Library Journal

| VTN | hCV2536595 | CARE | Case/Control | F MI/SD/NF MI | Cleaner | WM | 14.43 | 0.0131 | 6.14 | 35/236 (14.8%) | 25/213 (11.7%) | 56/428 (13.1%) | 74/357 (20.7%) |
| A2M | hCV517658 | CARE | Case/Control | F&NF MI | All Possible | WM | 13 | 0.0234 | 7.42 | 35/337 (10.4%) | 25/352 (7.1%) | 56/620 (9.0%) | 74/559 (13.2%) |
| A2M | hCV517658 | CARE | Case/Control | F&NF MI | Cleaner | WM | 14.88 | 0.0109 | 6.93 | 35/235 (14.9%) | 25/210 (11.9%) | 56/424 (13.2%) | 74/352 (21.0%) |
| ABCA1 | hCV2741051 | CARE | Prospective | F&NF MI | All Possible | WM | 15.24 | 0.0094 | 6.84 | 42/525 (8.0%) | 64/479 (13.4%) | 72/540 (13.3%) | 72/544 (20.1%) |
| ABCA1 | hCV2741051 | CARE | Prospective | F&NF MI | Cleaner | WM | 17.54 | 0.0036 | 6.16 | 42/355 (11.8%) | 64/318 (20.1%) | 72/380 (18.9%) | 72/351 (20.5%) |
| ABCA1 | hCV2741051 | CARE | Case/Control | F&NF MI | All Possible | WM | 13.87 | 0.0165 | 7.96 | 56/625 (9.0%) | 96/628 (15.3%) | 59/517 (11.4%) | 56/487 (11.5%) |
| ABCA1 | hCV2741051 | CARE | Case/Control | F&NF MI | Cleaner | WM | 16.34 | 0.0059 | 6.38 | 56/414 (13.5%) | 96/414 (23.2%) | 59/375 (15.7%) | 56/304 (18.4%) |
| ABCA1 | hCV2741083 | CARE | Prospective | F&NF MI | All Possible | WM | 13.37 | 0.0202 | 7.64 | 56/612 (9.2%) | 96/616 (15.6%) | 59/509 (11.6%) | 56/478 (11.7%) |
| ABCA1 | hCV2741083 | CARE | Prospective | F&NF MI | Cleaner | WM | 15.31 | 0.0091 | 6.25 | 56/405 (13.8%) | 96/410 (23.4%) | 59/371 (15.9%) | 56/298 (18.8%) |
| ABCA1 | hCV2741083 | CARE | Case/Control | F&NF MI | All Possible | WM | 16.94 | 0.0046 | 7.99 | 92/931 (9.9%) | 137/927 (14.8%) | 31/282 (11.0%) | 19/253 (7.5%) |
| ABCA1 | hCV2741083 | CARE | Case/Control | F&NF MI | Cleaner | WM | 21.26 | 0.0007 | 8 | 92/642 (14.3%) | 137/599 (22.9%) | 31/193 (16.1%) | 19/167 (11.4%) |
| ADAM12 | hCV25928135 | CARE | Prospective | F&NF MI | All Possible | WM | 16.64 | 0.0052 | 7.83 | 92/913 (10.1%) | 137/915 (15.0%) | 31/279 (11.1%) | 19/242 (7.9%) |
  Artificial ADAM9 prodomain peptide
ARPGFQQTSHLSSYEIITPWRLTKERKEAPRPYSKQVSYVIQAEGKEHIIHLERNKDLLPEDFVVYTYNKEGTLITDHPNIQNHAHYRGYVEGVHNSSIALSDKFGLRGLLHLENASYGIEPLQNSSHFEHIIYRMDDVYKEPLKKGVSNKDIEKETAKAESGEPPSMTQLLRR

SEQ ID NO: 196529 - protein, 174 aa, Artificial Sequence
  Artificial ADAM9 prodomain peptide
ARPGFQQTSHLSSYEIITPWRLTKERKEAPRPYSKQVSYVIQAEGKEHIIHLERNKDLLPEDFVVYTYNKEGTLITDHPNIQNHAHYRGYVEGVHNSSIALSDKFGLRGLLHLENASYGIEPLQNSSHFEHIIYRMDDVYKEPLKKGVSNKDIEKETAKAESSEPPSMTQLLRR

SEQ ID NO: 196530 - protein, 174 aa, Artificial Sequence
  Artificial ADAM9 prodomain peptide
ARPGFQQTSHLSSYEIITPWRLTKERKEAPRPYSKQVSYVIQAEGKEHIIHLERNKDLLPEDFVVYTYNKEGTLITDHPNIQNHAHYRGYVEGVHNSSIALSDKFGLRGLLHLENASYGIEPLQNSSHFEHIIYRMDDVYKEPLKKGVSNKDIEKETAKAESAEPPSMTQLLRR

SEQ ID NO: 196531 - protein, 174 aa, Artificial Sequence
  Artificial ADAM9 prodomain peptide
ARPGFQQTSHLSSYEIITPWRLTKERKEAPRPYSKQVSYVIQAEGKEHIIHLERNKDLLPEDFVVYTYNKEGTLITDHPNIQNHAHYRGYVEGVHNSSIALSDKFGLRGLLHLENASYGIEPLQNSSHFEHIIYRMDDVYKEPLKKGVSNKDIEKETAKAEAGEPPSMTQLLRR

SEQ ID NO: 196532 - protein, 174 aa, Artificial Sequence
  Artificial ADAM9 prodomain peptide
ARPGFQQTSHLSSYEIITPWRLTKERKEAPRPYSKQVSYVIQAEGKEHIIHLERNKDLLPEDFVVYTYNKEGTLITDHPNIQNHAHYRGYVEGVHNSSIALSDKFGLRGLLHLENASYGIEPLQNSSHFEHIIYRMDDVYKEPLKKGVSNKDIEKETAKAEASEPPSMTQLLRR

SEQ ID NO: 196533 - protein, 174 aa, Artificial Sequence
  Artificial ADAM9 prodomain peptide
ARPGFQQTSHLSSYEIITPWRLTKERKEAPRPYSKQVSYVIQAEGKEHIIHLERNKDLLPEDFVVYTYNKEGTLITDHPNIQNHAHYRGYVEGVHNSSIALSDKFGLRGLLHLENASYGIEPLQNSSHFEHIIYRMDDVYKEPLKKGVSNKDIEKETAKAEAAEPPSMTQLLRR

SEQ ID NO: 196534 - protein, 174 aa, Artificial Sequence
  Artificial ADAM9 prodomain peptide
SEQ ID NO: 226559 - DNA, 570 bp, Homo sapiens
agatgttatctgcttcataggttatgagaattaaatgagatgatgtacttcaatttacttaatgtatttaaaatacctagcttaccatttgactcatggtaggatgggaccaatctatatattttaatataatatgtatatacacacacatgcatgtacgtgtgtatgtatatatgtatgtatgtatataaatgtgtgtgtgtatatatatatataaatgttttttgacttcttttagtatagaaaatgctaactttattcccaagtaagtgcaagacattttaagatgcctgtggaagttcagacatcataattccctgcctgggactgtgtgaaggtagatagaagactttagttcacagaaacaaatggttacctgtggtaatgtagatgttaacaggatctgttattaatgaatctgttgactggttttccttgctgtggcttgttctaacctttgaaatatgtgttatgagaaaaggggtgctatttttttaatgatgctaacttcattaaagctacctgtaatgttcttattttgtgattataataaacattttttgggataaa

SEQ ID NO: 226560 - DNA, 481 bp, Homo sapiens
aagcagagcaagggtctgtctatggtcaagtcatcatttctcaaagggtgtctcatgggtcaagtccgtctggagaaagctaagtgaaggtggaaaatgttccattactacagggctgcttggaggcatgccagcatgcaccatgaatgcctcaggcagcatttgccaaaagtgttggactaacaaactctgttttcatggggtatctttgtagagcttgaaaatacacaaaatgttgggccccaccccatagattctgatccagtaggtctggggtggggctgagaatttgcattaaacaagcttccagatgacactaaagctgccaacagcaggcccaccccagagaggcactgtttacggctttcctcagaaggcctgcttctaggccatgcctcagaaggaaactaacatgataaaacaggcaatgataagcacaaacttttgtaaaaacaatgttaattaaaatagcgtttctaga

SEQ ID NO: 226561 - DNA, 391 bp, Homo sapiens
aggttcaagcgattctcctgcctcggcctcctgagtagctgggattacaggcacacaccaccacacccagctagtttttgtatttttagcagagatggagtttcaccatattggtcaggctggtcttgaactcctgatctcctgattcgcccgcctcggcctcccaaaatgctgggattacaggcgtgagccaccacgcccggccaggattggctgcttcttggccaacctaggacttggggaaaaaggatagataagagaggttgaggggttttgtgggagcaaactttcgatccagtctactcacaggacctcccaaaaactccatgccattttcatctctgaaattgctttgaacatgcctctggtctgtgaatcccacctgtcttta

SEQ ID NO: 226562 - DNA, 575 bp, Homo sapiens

Retired businessman and amateur historian Lawrence compiles the work of pictorialist photographer Roland Reed (1864-1934)–much of it never previously seen by the public, and pairs it with the artist’s own words. Lawrence uses Reed’s correspondence, text from photo exhibitions, and handwritten notes to reveal the artist’s motivations for photographing Native American subjects and to explain the staged quality of the photographs–and the occasionally drastic measures he took to construct the scenes. Pictorialism prioritized the evocation of emotion over realism in Reed’s photography, and his comments provide insight into his artistic process and the influence of the pictorialist movement on his work. Lawrence supplies the biographical details of Reed’s life, artfully punctuated by Reed’s photographs of the Ojibwa, Blackfeet, Cheyenne, Flathead, Navajo, and Hopi. VERDICT An arresting look at an early 20th-century artist’s portrayals of Native American life as it was in the 19th century and earlier and his manipulation of the increasingly settled landscape to produce romanticized images of Native Americans. Aficionados of Reed’s contemporaries Edward Curtis and Richard Throssel and readers of Native American history will find the work of particular interest. —Rachael Dreyer, American Heritage Ctr., Laramie, WY